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The Composition of Mucus in Freshwater Fishes: A Comparative Study


H.D. Kaher


Fish epidermal mucus provides the first line of defense against pathogens. The present work reports on the comparative study of variation in mucous composition and defense markers among some of the fresh water fishes mrigal (Cirrhinus mrigala), grass carp (Ctenopharyngodon idella), bighead carp (Aristicthys nobilis) snake head (Channa punctatus), walking catfish (Clarius batrachus) and tilapia (Oreochromis niloticus) with respect to their role in innate immune system. The defense markers analyzed include activities of protease, lysozyme, alkaline phosphatase and acid phosphatase in epidermal mucous. Among the samples, protease (1.228±0.01 U/mg) and acid phosphatase (1.06±0.06 U/mg) activities were quite high in grass carp; the total protein (0.313±0.0543 mg/gm), carbohydrate (0.127±0.0016 mg/gm), triglyceride (1.3075±0.0185), alkaline phosphatase activity (0.486±0.003 U/mg) and shear viscosity (100.84 mPa.s) were found to be highest in snake head; and lysozyme activity (5.68±0.09 U/mg) was found to be higher in tilapia in comparison to other fishes. The mucus samples have not demonstrated antimicrobial activity against selected human pathogenic bacteria and further analysis is required. The protein analysis of mucous samples by SDS-PAGE have shown expression of low molecular weight proteins mainly 93 kDa, 65 kDa, 41 kDa, 27 kDa and 21 kDa in snake head; 64 kDa, 36 kDa and 12 kDa in walking cat fish; and 69 kDa, 63 kDa, 33 kDa, 22 kDa and 14 kDa in tilapia.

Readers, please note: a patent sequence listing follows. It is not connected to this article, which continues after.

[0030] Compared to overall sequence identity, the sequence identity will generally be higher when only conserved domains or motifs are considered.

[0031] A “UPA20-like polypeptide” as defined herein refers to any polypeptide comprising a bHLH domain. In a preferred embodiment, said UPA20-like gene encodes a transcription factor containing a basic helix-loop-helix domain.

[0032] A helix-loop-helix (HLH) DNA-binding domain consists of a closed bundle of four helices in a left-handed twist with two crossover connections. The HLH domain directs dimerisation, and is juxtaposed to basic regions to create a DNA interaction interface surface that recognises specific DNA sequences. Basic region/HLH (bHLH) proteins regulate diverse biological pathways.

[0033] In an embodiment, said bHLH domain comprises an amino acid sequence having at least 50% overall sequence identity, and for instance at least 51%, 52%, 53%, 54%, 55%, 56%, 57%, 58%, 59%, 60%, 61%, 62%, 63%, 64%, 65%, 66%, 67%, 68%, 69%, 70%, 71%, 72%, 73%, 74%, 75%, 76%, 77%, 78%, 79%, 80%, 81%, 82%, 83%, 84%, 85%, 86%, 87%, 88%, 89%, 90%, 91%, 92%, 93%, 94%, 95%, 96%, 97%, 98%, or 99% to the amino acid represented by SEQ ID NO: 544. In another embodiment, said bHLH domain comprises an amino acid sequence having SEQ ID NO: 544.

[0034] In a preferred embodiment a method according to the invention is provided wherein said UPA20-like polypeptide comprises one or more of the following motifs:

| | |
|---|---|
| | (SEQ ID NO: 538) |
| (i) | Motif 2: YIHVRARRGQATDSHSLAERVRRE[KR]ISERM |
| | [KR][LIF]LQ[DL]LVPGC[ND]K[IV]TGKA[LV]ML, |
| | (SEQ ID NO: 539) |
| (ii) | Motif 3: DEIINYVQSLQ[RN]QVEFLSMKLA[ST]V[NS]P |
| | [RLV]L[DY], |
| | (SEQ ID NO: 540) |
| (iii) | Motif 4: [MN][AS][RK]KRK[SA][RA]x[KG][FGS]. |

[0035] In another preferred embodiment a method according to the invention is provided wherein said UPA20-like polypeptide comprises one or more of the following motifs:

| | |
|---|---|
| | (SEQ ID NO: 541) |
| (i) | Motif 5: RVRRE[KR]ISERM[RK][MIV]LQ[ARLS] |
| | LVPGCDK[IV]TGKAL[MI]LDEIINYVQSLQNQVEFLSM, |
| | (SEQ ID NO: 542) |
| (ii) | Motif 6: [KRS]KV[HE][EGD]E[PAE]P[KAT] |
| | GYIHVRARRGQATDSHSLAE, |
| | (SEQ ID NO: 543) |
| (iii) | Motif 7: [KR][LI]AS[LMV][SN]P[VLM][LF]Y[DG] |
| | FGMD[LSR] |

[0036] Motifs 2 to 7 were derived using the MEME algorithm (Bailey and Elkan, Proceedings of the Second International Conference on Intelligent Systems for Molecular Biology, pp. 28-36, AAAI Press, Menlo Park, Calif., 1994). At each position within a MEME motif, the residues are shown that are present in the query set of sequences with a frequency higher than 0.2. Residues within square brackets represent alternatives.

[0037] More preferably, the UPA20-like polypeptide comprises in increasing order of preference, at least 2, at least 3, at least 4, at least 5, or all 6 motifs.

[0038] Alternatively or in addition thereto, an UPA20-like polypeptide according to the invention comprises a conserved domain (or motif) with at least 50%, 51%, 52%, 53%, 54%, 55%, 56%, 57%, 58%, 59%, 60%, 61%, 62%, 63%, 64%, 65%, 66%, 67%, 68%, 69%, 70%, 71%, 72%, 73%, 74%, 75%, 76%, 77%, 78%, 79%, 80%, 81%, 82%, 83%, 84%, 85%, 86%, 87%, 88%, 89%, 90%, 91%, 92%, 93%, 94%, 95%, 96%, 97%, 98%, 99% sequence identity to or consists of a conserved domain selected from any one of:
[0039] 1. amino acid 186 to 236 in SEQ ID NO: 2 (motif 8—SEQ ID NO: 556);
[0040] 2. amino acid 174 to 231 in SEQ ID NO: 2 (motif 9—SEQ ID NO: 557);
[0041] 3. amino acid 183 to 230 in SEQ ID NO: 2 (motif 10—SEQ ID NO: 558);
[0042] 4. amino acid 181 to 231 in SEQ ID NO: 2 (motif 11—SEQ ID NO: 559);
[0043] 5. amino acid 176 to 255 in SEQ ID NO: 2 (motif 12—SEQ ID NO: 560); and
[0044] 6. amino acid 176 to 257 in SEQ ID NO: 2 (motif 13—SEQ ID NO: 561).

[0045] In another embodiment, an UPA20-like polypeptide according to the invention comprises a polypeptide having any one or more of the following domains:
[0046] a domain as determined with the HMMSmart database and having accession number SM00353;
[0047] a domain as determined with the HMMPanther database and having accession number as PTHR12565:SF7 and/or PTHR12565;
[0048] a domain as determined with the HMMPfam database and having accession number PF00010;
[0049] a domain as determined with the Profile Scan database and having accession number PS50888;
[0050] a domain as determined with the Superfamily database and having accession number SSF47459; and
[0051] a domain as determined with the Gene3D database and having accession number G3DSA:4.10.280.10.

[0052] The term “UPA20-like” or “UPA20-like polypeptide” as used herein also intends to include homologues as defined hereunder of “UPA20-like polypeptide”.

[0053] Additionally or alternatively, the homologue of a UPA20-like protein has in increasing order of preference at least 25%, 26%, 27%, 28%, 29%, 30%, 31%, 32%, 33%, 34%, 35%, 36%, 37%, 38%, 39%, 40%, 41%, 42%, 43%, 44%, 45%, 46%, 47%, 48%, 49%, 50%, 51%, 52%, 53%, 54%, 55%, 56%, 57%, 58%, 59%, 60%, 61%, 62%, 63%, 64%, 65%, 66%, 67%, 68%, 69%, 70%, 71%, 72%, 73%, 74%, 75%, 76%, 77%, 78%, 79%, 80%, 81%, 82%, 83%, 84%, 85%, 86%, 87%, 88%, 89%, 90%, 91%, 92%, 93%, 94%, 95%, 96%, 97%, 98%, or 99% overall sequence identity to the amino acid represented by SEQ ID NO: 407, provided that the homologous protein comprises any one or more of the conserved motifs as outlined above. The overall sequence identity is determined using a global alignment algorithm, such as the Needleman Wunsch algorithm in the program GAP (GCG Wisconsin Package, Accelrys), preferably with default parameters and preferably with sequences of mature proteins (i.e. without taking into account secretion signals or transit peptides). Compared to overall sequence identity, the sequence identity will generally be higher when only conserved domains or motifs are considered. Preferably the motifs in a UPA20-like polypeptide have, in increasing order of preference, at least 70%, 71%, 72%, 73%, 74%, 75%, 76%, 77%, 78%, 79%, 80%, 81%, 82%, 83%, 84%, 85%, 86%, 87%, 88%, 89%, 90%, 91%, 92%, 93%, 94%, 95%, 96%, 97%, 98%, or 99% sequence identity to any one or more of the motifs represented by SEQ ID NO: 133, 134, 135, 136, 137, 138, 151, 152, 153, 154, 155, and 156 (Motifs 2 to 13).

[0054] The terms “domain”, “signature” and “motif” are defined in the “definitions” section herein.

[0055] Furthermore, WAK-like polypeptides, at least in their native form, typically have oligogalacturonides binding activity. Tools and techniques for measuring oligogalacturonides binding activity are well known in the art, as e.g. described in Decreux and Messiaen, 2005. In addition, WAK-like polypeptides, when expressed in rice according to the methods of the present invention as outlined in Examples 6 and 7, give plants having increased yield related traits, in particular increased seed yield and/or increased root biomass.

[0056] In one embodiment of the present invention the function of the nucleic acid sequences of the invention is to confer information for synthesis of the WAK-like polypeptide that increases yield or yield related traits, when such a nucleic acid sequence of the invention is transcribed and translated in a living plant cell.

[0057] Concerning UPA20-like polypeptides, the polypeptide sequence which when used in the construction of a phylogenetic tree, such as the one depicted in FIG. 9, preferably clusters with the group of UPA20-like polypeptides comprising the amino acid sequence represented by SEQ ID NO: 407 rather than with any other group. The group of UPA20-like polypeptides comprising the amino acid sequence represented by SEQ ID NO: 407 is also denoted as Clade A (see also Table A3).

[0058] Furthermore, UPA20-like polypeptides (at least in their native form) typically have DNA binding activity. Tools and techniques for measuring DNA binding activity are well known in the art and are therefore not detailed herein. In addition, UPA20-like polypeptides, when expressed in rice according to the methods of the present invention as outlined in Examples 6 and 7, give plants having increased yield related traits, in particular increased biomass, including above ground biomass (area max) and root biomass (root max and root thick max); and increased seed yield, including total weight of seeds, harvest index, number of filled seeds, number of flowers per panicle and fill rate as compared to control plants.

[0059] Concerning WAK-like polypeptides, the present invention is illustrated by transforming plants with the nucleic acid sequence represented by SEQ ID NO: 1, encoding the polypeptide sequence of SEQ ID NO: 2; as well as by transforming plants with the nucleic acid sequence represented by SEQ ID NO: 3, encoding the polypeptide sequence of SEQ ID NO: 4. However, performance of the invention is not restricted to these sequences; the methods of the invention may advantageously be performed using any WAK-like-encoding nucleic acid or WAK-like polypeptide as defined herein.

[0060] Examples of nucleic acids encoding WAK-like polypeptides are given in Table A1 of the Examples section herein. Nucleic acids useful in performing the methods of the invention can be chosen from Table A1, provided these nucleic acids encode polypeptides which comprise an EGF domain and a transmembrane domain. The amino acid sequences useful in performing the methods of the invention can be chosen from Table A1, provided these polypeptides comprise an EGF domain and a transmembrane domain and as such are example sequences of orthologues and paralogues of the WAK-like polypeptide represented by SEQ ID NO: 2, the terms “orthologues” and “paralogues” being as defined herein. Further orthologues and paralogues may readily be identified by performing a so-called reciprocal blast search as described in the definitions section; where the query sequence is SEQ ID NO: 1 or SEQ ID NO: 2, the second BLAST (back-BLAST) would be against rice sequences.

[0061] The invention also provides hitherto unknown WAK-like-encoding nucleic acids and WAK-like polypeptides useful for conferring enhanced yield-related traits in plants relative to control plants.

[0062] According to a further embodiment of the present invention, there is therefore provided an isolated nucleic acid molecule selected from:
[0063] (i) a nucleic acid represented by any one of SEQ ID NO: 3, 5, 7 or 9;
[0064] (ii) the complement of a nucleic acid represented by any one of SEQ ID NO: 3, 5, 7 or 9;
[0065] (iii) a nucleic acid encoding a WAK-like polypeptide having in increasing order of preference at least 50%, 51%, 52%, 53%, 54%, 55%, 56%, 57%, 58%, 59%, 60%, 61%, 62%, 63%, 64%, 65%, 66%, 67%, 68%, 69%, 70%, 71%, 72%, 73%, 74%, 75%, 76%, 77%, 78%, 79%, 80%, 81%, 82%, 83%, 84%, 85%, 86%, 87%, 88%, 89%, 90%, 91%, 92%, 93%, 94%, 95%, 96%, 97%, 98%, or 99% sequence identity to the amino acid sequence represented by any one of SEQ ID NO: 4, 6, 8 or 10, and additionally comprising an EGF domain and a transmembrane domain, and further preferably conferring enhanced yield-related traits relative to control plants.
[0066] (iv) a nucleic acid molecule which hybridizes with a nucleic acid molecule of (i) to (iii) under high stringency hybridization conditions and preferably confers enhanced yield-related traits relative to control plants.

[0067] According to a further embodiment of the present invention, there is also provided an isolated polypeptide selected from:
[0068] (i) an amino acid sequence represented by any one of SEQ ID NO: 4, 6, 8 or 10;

Mucus, Snake Head Fish


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The Composition of Mucus in Freshwater Fishes: A Comparative Study. H.D. Kaher. 2018. IJIRCT, Volume 4, Issue 3. Pages 78-84.

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